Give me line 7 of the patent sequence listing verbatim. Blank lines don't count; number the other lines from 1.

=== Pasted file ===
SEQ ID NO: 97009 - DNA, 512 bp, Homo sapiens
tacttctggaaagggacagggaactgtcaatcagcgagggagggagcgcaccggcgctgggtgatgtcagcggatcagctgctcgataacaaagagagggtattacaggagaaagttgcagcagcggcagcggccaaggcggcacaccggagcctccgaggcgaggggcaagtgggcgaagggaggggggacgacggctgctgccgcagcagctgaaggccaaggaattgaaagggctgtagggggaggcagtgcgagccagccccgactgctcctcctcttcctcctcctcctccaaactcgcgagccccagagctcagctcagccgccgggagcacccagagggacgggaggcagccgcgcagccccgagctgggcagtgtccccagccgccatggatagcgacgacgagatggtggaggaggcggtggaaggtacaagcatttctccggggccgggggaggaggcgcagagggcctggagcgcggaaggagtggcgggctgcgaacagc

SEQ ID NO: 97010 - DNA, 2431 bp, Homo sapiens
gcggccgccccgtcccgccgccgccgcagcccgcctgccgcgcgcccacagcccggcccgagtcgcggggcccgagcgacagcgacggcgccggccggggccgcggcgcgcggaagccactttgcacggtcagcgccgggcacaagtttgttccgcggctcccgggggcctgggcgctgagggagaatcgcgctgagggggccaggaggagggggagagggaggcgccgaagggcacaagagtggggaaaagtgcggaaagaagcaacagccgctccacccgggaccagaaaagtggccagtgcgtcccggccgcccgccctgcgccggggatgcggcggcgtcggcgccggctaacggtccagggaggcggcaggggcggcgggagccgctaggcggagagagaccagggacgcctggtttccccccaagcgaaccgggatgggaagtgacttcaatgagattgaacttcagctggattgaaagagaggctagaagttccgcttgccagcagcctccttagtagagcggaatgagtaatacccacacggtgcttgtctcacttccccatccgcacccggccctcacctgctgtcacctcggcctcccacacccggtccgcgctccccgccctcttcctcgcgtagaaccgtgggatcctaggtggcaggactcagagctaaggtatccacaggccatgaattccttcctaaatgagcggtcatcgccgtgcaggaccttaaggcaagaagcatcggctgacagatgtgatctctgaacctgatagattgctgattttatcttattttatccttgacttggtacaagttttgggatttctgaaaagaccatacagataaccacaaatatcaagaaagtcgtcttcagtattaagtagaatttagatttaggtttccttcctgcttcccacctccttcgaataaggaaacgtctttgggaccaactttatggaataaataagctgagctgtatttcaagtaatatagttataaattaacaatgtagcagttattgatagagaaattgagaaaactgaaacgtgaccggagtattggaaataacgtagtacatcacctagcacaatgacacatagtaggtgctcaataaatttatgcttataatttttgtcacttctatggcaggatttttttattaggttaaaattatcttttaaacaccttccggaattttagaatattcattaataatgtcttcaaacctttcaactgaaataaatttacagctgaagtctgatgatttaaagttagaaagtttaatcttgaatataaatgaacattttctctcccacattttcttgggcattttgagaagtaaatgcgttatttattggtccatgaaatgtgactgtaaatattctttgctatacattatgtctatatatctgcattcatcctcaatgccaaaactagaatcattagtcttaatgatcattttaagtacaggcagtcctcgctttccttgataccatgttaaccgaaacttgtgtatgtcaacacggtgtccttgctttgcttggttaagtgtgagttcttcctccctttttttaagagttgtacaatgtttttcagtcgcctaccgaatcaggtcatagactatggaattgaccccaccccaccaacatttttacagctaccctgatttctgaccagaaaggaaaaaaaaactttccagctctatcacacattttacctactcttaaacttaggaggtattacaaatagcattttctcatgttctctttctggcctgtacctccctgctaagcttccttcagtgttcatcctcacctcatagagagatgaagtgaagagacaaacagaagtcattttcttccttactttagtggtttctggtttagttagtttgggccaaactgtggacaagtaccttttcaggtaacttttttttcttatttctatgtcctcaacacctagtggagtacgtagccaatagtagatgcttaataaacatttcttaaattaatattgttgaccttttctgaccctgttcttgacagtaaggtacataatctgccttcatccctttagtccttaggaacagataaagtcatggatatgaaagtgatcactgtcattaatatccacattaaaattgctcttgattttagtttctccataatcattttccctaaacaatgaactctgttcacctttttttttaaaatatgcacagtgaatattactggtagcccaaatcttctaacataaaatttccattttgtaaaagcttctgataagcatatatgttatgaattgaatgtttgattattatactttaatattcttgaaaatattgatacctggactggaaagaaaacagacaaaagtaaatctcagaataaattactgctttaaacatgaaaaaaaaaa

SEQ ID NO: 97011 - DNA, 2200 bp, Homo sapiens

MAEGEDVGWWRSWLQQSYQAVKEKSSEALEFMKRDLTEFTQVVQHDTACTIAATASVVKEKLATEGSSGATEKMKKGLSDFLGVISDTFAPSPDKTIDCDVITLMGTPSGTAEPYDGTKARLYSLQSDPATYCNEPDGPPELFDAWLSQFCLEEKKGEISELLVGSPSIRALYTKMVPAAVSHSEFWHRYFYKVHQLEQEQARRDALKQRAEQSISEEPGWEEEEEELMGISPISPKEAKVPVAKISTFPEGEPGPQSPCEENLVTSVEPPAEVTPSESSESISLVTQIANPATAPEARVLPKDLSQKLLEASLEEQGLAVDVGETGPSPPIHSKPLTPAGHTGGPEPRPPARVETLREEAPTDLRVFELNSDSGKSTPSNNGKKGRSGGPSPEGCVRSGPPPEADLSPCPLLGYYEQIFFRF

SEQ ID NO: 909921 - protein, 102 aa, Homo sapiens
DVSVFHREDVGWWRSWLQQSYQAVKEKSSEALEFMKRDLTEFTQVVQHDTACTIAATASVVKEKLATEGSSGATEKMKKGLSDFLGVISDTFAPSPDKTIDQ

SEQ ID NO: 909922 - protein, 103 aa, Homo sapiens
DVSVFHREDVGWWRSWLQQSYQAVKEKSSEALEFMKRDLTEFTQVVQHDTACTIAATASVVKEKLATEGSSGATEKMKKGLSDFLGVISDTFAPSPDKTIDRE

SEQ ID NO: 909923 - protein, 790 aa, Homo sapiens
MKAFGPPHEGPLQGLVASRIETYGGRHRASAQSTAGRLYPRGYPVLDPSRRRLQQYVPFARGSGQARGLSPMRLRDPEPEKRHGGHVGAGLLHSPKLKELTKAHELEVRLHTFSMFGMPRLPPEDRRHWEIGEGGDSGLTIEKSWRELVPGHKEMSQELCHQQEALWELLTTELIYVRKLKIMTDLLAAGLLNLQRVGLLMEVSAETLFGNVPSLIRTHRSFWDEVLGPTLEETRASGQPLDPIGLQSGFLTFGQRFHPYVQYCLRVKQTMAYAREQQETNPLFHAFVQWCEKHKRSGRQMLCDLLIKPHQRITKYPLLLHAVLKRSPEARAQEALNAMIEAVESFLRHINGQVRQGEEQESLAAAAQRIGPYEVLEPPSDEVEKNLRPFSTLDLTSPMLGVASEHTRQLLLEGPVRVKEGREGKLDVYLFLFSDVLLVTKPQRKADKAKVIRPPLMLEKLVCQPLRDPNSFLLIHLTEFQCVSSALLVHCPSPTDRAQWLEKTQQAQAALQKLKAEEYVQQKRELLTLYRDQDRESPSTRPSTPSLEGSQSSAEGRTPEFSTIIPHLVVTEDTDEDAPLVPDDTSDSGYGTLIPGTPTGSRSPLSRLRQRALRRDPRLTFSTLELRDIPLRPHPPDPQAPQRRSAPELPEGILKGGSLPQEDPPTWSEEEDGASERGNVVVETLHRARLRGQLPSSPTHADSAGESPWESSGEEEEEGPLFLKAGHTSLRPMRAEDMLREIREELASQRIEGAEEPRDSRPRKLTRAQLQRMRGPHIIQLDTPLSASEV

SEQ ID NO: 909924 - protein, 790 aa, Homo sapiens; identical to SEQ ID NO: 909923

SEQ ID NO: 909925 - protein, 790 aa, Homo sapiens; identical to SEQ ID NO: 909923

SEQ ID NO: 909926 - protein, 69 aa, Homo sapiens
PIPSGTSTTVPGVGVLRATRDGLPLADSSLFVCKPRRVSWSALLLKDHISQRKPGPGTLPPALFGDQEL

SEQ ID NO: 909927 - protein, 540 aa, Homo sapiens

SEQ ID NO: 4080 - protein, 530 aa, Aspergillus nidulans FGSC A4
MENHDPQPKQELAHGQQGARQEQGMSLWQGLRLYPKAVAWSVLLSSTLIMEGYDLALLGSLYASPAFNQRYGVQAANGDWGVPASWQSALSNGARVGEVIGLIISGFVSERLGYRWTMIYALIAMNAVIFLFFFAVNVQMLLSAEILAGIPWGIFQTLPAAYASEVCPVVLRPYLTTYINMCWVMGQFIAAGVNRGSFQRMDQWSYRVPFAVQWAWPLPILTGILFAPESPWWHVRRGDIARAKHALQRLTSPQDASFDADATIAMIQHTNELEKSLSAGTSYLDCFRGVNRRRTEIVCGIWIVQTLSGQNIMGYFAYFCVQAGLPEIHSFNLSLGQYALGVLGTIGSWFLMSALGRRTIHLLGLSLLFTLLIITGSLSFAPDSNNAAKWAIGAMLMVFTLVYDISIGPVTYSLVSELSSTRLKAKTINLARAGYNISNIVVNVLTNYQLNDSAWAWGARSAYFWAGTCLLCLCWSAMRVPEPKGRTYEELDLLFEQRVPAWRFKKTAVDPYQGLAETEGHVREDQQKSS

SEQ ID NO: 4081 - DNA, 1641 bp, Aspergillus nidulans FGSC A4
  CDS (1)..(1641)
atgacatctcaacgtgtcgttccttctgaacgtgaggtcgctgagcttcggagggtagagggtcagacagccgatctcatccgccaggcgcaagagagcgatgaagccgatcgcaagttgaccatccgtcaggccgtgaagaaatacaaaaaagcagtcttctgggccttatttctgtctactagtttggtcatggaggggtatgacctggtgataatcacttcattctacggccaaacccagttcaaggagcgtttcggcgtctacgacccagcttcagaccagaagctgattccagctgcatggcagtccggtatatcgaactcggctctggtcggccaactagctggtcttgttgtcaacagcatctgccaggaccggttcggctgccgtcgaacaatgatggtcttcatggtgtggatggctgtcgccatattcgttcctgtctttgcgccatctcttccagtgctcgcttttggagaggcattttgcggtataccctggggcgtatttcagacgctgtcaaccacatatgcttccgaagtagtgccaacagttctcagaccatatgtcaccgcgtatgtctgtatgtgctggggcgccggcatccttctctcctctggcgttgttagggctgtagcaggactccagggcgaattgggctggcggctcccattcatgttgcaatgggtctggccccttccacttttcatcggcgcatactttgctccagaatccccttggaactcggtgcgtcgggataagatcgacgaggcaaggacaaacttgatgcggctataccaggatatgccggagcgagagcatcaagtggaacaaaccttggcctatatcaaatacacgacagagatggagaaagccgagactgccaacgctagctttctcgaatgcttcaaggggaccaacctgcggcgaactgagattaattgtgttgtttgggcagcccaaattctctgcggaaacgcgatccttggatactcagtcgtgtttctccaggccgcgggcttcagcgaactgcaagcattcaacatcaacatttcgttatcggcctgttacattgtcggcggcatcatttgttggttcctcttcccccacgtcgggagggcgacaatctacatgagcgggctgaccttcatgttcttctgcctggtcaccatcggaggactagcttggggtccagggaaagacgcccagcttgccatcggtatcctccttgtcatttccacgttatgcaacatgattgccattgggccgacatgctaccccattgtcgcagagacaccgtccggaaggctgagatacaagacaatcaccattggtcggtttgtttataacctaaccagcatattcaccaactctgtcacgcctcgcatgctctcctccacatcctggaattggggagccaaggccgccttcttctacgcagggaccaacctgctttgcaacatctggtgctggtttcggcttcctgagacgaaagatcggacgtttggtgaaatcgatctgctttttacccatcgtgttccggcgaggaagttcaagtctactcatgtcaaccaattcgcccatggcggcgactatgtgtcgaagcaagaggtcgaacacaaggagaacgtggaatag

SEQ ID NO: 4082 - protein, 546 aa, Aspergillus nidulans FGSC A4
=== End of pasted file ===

SEQ ID NO: 909921 - protein, 102 aa, Homo sapiens